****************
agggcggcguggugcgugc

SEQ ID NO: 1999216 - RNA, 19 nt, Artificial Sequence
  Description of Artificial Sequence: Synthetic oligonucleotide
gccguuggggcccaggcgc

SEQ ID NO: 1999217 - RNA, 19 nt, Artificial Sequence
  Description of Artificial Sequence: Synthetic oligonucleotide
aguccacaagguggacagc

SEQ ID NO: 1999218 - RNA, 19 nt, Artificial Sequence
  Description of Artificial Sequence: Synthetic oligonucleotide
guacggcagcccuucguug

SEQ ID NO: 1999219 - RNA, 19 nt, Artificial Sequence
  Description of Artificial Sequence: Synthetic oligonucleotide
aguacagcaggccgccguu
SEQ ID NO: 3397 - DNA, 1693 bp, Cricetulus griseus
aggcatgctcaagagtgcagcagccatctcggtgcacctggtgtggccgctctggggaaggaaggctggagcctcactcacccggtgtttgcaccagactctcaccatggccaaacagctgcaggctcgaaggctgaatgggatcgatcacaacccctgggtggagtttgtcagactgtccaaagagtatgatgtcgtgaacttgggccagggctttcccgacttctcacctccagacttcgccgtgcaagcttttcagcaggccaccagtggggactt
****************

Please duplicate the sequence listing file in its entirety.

agggcggcguggugcgugc

SEQ ID NO: 1999216 - RNA, 19 nt, Artificial Sequence
  Description of Artificial Sequence: Synthetic oligonucleotide
gccguuggggcccaggcgc

SEQ ID NO: 1999217 - RNA, 19 nt, Artificial Sequence
  Description of Artificial Sequence: Synthetic oligonucleotide
aguccacaagguggacagc

SEQ ID NO: 1999218 - RNA, 19 nt, Artificial Sequence
  Description of Artificial Sequence: Synthetic oligonucleotide
guacggcagcccuucguug

SEQ ID NO: 1999219 - RNA, 19 nt, Artificial Sequence
  Description of Artificial Sequence: Synthetic oligonucleotide
aguacagcaggccgccguu
SEQ ID NO: 3397 - DNA, 1693 bp, Cricetulus griseus
aggcatgctcaagagtgcagcagccatctcggtgcacctggtgtggccgctctggggaaggaaggctggagcctcactcacccggtgtttgcaccagactctcaccatggccaaacagctgcaggctcgaaggctgaatgggatcgatcacaacccctgggtggagtttgtcagactgtccaaagagtatgatgtcgtgaacttgggccagggctttcccgacttctcacctccagacttcgccgtgcaagcttttcagcaggccaccagtggggactt